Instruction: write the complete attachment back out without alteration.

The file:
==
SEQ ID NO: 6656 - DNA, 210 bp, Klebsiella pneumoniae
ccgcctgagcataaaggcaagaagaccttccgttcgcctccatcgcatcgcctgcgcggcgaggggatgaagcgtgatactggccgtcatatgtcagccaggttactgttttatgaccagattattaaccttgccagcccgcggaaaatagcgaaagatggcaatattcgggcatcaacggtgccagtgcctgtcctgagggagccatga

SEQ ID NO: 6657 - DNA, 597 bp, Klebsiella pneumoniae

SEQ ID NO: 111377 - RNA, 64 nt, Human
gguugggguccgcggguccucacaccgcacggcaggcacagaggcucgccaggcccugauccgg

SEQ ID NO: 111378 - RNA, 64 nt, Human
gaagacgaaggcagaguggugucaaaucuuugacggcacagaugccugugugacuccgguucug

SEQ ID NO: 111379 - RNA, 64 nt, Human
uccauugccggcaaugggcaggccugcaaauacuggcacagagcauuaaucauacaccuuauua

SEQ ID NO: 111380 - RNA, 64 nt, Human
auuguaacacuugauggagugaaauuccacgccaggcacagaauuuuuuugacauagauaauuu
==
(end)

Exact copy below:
SEQ ID NO: 6656 - DNA, 210 bp, Klebsiella pneumoniae
ccgcctgagcataaaggcaagaagaccttccgttcgcctccatcgcatcgcctgcgcggcgaggggatgaagcgtgatactggccgtcatatgtcagccaggttactgttttatgaccagattattaaccttgccagcccgcggaaaatagcgaaagatggcaatattcgggcatcaacggtgccagtgcctgtcctgagggagccatga

SEQ ID NO: 6657 - DNA, 597 bp, Klebsiella pneumoniae

SEQ ID NO: 111377 - RNA, 64 nt, Human
gguugggguccgcggguccucacaccgcacggcaggcacagaggcucgccaggcccugauccgg

SEQ ID NO: 111378 - RNA, 64 nt, Human
gaagacgaaggcagaguggugucaaaucuuugacggcacagaugccugugugacuccgguucug

SEQ ID NO: 111379 - RNA, 64 nt, Human
uccauugccggcaaugggcaggccugcaaauacuggcacagagcauuaaucauacaccuuauua

SEQ ID NO: 111380 - RNA, 64 nt, Human
auuguaacacuugauggagugaaauuccacgccaggcacagaauuuuuuugacauagauaauuu